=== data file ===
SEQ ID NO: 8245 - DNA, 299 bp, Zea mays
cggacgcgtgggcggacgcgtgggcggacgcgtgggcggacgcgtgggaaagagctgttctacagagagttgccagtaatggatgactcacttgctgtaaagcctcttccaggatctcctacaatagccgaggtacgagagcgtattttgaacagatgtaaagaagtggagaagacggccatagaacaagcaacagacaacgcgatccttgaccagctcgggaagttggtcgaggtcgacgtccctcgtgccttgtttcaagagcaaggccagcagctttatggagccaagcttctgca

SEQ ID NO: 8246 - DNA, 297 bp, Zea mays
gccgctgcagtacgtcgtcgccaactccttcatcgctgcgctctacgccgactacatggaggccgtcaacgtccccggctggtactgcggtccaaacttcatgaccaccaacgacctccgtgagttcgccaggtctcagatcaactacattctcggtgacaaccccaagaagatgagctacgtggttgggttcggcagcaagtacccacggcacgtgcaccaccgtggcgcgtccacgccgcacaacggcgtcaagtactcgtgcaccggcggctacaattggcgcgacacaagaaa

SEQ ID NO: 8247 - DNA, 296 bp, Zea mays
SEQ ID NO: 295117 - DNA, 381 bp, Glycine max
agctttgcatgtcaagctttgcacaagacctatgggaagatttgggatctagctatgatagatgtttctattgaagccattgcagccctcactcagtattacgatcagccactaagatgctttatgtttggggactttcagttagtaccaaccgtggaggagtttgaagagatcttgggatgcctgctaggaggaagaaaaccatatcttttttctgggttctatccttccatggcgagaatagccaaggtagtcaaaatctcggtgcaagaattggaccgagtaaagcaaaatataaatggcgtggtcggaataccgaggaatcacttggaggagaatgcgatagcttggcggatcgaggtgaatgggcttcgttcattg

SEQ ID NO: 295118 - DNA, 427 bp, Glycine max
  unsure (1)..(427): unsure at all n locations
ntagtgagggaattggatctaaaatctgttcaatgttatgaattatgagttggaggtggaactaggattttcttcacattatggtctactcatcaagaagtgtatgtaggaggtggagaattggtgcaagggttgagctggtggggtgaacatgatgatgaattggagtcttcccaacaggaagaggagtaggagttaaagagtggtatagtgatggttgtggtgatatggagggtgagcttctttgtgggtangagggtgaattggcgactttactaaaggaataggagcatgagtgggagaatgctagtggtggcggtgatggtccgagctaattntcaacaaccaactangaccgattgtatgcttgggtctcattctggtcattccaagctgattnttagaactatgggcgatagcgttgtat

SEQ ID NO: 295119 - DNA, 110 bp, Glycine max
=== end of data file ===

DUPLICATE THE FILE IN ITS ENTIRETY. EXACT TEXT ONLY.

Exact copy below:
SEQ ID NO: 8245 - DNA, 299 bp, Zea mays
cggacgcgtgggcggacgcgtgggcggacgcgtgggcggacgcgtgggaaagagctgttctacagagagttgccagtaatggatgactcacttgctgtaaagcctcttccaggatctcctacaatagccgaggtacgagagcgtattttgaacagatgtaaagaagtggagaagacggccatagaacaagcaacagacaacgcgatccttgaccagctcgggaagttggtcgaggtcgacgtccctcgtgccttgtttcaagagcaaggccagcagctttatggagccaagcttctgca

SEQ ID NO: 8246 - DNA, 297 bp, Zea mays
gccgctgcagtacgtcgtcgccaactccttcatcgctgcgctctacgccgactacatggaggccgtcaacgtccccggctggtactgcggtccaaacttcatgaccaccaacgacctccgtgagttcgccaggtctcagatcaactacattctcggtgacaaccccaagaagatgagctacgtggttgggttcggcagcaagtacccacggcacgtgcaccaccgtggcgcgtccacgccgcacaacggcgtcaagtactcgtgcaccggcggctacaattggcgcgacacaagaaa

SEQ ID NO: 8247 - DNA, 296 bp, Zea mays
SEQ ID NO: 295117 - DNA, 381 bp, Glycine max
agctttgcatgtcaagctttgcacaagacctatgggaagatttgggatctagctatgatagatgtttctattgaagccattgcagccctcactcagtattacgatcagccactaagatgctttatgtttggggactttcagttagtaccaaccgtggaggagtttgaagagatcttgggatgcctgctaggaggaagaaaaccatatcttttttctgggttctatccttccatggcgagaatagccaaggtagtcaaaatctcggtgcaagaattggaccgagtaaagcaaaatataaatggcgtggtcggaataccgaggaatcacttggaggagaatgcgatagcttggcggatcgaggtgaatgggcttcgttcattg

SEQ ID NO: 295118 - DNA, 427 bp, Glycine max
  unsure (1)..(427): unsure at all n locations
ntagtgagggaattggatctaaaatctgttcaatgttatgaattatgagttggaggtggaactaggattttcttcacattatggtctactcatcaagaagtgtatgtaggaggtggagaattggtgcaagggttgagctggtggggtgaacatgatgatgaattggagtcttcccaacaggaagaggagtaggagttaaagagtggtatagtgatggttgtggtgatatggagggtgagcttctttgtgggtangagggtgaattggcgactttactaaaggaataggagcatgagtgggagaatgctagtggtggcggtgatggtccgagctaattntcaacaaccaactangaccgattgtatgcttgggtctcattctggtcattccaagctgattnttagaactatgggcgatagcgttgtat

SEQ ID NO: 295119 - DNA, 110 bp, Glycine max